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Ukrainian-Americans mark Ukraine's Independence Day, and start of Russian invasion, in Warren

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Steve Carmody
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Michigan Radio
More than 100 Ukrainian-Americans took part in a candlelight vigil for Ukraine Tuesday evening.

Wednesday is Ukrainian Independence Day. The national holiday celebrates Ukraine's independence from the Soviet Union in 1991.

Tuesday night more than 100 Ukrainian-Americans gathered in Warren to commemorate their homeland’s independence and also to mark the six-month anniversary of the start of the war with Russia.

Singing the Ukrainian national anthem, they gathered with candles and small Ukrainian flags to pray for peace in their homeland.

Father Daniel Schaicoski is pastor at Immaculate Conception Ukrainian Church in Hamtramck. He said peace will only come when Russian troops leave Ukrainian soil.

“There can not be peace with Russia in Ukraine. There can not be peace in Europe if Russia is in Ukraine,” said Schaicoski, “I always say we pray for peace and victory.”

Independence Day festivities are more muted in Ukraine.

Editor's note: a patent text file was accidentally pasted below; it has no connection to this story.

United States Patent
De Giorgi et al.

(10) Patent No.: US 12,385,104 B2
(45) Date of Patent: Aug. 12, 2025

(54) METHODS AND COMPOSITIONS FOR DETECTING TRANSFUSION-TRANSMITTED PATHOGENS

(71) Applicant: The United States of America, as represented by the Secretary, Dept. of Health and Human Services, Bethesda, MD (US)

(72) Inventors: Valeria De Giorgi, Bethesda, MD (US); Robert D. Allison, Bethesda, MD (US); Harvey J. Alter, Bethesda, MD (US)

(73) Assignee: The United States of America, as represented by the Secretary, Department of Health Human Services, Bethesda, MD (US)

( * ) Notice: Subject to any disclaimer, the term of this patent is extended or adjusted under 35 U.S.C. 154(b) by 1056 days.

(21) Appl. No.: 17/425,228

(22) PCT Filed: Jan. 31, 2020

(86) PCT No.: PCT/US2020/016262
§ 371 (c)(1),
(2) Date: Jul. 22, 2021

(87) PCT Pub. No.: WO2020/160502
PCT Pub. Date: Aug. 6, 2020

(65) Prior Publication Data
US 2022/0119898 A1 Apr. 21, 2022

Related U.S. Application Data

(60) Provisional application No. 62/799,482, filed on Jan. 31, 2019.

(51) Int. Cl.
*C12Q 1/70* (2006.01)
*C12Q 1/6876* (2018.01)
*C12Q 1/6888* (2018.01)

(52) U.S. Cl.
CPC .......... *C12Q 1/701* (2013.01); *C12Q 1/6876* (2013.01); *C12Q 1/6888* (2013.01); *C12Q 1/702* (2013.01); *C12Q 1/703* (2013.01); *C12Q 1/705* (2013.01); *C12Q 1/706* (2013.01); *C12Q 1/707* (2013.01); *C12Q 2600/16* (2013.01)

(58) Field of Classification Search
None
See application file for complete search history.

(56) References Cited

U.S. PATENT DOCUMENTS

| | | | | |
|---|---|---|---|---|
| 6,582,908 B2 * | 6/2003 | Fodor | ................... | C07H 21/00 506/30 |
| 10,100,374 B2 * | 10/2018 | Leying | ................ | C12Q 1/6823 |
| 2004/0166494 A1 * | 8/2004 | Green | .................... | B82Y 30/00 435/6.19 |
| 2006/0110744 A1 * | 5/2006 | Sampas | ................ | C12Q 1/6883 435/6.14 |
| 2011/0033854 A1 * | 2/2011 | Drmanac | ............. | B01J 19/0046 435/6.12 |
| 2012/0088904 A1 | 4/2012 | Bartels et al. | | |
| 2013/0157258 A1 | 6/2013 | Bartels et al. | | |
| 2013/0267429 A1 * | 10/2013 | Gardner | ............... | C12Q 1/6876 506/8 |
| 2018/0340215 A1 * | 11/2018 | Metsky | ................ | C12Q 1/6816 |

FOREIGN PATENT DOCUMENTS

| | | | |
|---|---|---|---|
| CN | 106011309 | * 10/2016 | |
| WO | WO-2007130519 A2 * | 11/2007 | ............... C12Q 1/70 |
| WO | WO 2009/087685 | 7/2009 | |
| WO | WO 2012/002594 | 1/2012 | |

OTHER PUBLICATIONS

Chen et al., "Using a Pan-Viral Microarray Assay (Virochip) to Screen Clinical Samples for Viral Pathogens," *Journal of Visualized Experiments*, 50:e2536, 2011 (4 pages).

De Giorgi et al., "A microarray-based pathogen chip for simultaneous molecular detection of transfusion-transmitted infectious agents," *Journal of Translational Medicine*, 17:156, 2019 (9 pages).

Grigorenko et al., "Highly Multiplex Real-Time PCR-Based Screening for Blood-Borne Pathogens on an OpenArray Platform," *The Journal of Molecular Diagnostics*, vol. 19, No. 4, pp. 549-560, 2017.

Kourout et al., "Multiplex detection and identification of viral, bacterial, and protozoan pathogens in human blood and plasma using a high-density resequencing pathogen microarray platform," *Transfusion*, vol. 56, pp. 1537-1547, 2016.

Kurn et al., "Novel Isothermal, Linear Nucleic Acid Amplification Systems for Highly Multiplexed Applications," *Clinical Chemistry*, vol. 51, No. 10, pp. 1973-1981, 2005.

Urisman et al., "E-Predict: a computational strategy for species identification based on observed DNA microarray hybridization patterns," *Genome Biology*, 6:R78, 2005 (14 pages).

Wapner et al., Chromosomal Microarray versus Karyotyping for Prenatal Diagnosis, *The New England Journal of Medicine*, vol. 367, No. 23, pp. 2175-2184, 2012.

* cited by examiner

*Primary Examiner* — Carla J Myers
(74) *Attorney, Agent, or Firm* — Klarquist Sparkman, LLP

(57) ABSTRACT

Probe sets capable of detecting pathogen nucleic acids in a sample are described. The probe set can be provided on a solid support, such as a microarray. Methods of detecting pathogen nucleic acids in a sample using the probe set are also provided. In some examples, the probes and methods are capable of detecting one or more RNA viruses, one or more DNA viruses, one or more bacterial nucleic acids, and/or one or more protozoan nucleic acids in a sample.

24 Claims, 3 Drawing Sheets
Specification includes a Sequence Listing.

Kyiv authorities have banned mass gatherings in the capital through Thursday for fear of Russian missile attacks.

Over the weekend, Ukrainian President Volodymyr Zelenskyy warned that Russia may try to do "something particularly nasty, something particularly cruel" this week.

U.S. officials say the Biden administration is expected to announce an additional roughly $3 billion in aid to train and equip Ukrainian forces to fight for years to come.

The officials tell The Associated Press that the package will fund contracts for as many as three types of drones and other weapons, ammunition and equipment that may not see the battlefront for a year or two.

As Russia's war on Ukraine drags on, the officials say U.S. security assistance is shifting to a longer-term campaign that also will likely keep more American military troops in Europe into the future.

People at the rally in Warren said they want more international help in Ukraine, especially from other European countries.

Steve Carmody has been a reporter for Michigan Radio since 2005. Steve previously worked at public radio and television stations in Florida, Oklahoma and Kentucky, and also has extensive experience in commercial broadcasting.
The Associated Press is an independent global news organization dedicated to factual reporting.